Last week, I gave you some ideas of things to do in Dublin when you don’t drink so naturally, I had to give you a part 2. Let’s talk about things to do in Belfast when you don’t drink.
First off, I’m not going to comment on the division that currently exists in Northern Ireland. For whatever purpose, I recognize that the North is under UK rule, but to me, it’s still very much a part of Ireland.
Anyway, upon arrival from Dublin, I instantly noticed that the people dress nicer, school kids actually look like extras from the Harry Potter movies, and Belfast certainly has a British essence to it. Even the train platforms look like something out of the HP movies. If I didn’t know any better, I could’ve been whisked off to Hogwarts and been perfectly okay with it. Given that the hostel I stayed at was situated near Queens University, a picturesque work of art, I took a stroll through the gardens on site, and it was like I was lost in a time of great poets and philosophers.
Belfast, as a city, is very compact so it’s easy to walk everywhere which is a good thing because it doesn’t have any transportation systems, other than a few buses. What they do have, however, is a lot of chinese buffets, Subway restaurants, and noodle bars. So for those of you who are Asian food lovers like me, Belfast is foodie heaven.
If you plan on visiting Ireland in the future, come in the Spring because with the cold temperatures, snow, and rain in the winter, it can be quite miserable to spend a lot of time outdoors.
Like I mentioned, you can walk around the Queens University campus, invade the student union, stroll through the botanic gardens, and visit Ulster Museum (free admission). The rose gardens are particularly spectacular, especially in the Spring, and you can sit outside with a picnic and people-watch.
Black Taxi Tour
If there is anything you should do during your time in Belfast, the Black Taxi tour is it. It lasts about 1.5 hours, and the drivers have 60-70 years worth of experience and stories about growing up in the division between religions in Northern Ireland. If you ask the right questions, you could hear some heart breaking stories about their time in prison as innocents among other tales that will leave you in disbelief. The tour takes you around Shankill road past some world famous murals as well as the Peace Wall (Ireland’s own Berlin Wall, if you will). It’s well worth the money, and again, the more questions you ask, the better your experience will be.
The Titanic exhibit seems to be one of Belfast’s most prized exhibits. In addition to paying respects to the tragedy, they celebrate the feat of engineering that the Titanic was. The exhibit displays themselves are very modern and informative, but the layout of the museum is a bit sporadic. The order in which you walk to read information makes no sense, and you may miss a few pieces. It’s certainly not a deal breaker but just something to keep in mind. Free wifi is available within the building, and at the end, you get to see some props and wardrobe pieces from the movie. Admission is 13.50 GBP.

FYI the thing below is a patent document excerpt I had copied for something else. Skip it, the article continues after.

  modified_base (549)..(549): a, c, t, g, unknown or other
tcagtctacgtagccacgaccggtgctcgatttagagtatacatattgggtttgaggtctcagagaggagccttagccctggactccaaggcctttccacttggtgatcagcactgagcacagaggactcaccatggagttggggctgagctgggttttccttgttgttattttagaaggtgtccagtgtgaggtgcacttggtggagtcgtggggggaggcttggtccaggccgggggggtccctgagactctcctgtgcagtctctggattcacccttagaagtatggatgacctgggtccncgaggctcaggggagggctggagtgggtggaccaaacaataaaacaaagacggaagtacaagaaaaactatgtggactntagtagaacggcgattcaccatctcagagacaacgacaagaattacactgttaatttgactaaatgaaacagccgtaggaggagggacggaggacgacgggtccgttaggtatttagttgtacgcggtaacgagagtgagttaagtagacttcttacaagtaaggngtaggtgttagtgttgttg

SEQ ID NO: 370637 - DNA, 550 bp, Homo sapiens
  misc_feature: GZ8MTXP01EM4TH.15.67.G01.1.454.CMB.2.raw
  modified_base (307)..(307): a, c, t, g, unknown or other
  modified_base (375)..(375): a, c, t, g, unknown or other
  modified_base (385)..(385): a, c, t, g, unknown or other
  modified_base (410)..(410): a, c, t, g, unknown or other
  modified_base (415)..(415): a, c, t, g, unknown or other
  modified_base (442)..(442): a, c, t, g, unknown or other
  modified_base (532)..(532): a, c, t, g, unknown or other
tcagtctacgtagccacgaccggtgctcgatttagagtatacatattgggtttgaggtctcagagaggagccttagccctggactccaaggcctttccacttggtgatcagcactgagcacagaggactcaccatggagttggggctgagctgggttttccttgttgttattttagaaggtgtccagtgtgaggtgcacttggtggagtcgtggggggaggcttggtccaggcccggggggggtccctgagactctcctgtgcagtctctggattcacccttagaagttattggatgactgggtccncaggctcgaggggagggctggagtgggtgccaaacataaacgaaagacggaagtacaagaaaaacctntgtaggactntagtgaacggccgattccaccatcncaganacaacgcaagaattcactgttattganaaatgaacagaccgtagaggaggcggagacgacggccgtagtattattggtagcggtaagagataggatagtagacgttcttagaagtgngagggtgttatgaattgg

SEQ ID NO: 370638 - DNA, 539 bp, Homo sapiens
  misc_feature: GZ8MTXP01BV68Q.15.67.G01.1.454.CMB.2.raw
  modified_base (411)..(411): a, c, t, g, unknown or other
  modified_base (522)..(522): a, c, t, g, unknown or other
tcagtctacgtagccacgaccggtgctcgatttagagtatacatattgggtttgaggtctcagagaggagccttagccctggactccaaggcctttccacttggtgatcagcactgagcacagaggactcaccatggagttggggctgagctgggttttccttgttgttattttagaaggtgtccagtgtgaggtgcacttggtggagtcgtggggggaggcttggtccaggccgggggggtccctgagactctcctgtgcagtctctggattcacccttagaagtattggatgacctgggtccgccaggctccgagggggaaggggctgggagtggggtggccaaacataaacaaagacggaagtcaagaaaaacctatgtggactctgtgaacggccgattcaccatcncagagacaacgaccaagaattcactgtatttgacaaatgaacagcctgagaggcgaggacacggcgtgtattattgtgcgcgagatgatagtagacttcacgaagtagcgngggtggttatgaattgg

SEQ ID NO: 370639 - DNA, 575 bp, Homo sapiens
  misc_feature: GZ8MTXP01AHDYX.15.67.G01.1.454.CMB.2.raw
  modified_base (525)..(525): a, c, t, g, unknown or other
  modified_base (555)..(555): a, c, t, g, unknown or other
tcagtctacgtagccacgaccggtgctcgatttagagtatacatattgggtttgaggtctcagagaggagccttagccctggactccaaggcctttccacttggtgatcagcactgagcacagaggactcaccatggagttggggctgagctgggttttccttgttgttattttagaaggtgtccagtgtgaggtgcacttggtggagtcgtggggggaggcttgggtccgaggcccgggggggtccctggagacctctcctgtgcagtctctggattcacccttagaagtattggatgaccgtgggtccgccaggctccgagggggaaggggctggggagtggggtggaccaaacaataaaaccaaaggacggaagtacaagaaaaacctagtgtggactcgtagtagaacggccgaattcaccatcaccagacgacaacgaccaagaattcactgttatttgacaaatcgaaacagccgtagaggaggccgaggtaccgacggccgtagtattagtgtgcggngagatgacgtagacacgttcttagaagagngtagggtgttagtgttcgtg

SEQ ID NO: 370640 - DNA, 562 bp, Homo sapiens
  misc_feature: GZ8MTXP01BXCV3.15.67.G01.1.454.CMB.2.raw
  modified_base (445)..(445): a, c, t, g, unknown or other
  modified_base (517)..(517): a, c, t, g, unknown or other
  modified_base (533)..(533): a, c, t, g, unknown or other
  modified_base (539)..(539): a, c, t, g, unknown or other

Though not nearly as quality as the Dublin bus tour, the drivers still offer live commentary and their own personal humor. To do the whole circuit without getting off, it takes about 2 hours, and when you do get off to explore, it’ll be one hour before they’ll pick you back up so plan accordingly. It’s 10 GBP for students and 12.50 for adults. Tickets cannot be purchased on board the bus. You have to purchase tickets at the concession stand at Castle Place.
The #1 must do, as locals and visitors alike will tell you, is a day tour up to Giant’s Causeway, Ireland’s only World Heritage site. GC is a prime testament to the beauty of Ireland’s coastline as well as the country itself. The tour includes stops to a couple of castles on the way as well as the Bushmills Distillery for lunch. Two hours are allotted for exploring Causeway where you can pay 8.50 GBP to get into the visitor’s center, and you can either walk the whole way down to the bay or take a shuttle bus for 2 GBP round trip.
Linen Hall Library
Because I had a load of work that needed finishing, I had to seek out an alternative option where I could concentrate other than the hostel. Turns out that the Linen Hall Library was the perfect place to do so. It’s super quiet, there’s free wifi, it has great view of city hall across the street, it’s a toasty place to thaw out from the winter weather, and it’s located near a bunch of cafes and restaurants. Plus, the scent of all the old books is like heaven. Even if you don’t have a reason to include the library in your itinerary, do so anyway.
The city itself is a free mural museum. Doused in graffiti and colors from all parts of the spectrum, these unique works of art make Belfast one of the most photogenic cities in the world. From the Peace Wall to back alleys, turn every corner and you can find new works of art to admire.